A brand new images exhibition is because of happen in County Mayo, Ireland this month that focuses on a time when freedom of faith was banned within the nation underneath British rule. It contains a assortment of beautiful photographs that hint a collection of hidden paths by way of the countryside that Catholic folks took so as to maintain secret lots from the late 1600’s on.
Called Mass Paths, the venture was created by photographer Caitriona Dunnett, and options darkish and moody cyanotype prints of the Irish panorama, with every creation being hand processed and fully distinctive. Opening on 22 March at Custom House Studios Gallery in Westport and persevering with daily till 15 April, the exhibition is the end result of years of analysis and work.
In the 1690’s, strict Penal Laws have been imposed on Catholics in Ireland, with the church being stored alive by way of a collection of secretive lots held in spots throughout the nation. The places of the websites have been handed on by phrase of mouth, with the native information being handed down by way of generations. By tracing and documenting the paths, the photographer aimed to unearth the historical past behind the routes and the folks who walked them.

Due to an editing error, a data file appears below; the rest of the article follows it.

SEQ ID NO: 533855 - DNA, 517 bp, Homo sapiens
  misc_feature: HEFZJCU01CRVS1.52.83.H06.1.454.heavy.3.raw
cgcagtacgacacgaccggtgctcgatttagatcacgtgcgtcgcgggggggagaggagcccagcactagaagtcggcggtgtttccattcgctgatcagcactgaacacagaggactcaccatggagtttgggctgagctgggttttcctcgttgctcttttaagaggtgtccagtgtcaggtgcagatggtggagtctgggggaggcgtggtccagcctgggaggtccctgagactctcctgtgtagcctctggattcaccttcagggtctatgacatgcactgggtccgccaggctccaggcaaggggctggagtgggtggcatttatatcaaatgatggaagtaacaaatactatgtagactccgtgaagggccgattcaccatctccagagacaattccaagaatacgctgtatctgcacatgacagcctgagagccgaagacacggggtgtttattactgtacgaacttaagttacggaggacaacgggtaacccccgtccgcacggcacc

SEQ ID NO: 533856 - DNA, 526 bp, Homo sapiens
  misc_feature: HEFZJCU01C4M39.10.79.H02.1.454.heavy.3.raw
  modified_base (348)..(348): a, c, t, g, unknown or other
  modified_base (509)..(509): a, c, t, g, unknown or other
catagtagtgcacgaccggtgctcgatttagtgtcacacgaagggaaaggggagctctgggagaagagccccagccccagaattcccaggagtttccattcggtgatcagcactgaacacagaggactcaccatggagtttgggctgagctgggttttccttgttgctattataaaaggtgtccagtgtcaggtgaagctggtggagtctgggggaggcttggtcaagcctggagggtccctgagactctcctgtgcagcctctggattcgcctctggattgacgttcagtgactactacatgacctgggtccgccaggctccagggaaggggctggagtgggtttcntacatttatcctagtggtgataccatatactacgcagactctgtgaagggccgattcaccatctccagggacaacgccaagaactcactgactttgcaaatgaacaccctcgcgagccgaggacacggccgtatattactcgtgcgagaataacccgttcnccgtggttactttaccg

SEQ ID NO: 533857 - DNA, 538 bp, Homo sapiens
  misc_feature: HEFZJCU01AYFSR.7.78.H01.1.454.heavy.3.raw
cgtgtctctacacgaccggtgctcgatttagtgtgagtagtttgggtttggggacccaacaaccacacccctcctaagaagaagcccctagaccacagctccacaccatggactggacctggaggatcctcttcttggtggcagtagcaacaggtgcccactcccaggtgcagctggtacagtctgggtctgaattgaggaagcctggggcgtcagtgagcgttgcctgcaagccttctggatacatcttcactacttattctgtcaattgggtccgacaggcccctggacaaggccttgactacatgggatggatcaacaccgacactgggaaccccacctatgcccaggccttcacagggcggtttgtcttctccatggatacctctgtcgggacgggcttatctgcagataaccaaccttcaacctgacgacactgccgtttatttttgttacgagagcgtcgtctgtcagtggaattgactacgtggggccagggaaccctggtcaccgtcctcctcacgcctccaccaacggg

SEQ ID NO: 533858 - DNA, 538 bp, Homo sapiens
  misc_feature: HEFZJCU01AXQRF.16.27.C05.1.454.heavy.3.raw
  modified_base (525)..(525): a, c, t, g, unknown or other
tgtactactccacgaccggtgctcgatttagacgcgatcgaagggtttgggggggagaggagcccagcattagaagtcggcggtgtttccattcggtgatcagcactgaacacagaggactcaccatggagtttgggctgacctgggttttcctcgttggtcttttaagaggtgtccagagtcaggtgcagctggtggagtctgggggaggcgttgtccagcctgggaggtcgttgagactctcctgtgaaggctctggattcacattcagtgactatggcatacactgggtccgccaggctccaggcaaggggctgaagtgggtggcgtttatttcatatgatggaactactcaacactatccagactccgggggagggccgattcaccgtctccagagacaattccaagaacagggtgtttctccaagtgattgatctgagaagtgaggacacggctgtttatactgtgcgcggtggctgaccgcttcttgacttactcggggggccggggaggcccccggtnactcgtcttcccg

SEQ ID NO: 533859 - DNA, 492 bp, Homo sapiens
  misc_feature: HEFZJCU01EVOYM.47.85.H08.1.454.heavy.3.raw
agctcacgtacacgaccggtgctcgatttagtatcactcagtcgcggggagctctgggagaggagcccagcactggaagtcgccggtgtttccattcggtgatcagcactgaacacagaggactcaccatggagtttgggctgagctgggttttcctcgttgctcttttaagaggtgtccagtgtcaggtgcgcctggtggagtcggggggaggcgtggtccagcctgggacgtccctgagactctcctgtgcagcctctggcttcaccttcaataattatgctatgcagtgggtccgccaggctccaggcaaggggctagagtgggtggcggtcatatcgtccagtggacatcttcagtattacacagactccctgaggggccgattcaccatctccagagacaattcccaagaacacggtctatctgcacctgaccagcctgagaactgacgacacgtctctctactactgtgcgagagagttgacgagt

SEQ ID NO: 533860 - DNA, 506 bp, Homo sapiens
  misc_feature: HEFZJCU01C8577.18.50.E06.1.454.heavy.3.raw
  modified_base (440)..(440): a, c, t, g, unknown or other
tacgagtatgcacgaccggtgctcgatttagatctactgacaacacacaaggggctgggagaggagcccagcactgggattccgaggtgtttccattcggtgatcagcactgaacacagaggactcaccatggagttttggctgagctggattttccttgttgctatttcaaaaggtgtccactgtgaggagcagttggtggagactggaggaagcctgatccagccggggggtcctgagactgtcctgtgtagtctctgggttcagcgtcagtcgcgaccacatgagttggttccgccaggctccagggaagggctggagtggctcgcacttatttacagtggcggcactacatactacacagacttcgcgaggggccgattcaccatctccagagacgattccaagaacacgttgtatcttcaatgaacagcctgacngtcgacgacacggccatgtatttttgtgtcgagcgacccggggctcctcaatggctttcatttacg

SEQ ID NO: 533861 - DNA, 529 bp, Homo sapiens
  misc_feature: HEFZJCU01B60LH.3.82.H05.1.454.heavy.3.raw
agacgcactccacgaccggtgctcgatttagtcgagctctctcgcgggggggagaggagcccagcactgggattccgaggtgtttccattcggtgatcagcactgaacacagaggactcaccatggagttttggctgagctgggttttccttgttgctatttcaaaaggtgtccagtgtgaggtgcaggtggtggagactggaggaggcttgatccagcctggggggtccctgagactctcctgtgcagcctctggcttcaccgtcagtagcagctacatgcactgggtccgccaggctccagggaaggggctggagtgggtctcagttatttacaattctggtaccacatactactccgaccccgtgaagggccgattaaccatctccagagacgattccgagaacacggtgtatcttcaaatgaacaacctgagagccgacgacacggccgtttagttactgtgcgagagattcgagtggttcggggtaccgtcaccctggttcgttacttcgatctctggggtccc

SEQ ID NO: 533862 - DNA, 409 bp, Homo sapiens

“I think that it’s important to address national heritage. It gives us the opportunity to study the social, cultural and political situation of our ancestors and to explore the stories which mark our landscapes. I am attempting to lift this aspect of history out of the textbooks, and shape it with research so that the stories of these paths and the people who walked them are not lost,” Caitriona advised Lonely Planet Travel News.
In order to finish the venture, Caitriona spent years researching the paths and different penal websites, discovering snippets of knowledge posted by colleges, regional newspapers and strolling golf equipment earlier than piecing all of it collectively. The fragments finally led to her creating maps, attempting to find the places and documenting them. Mass Paths was lately shortlisted for the Final 50 GPF International Photography Competition and exhibited in Dublin and Paris.
More info on Caitriona’s work is out there at her official web site.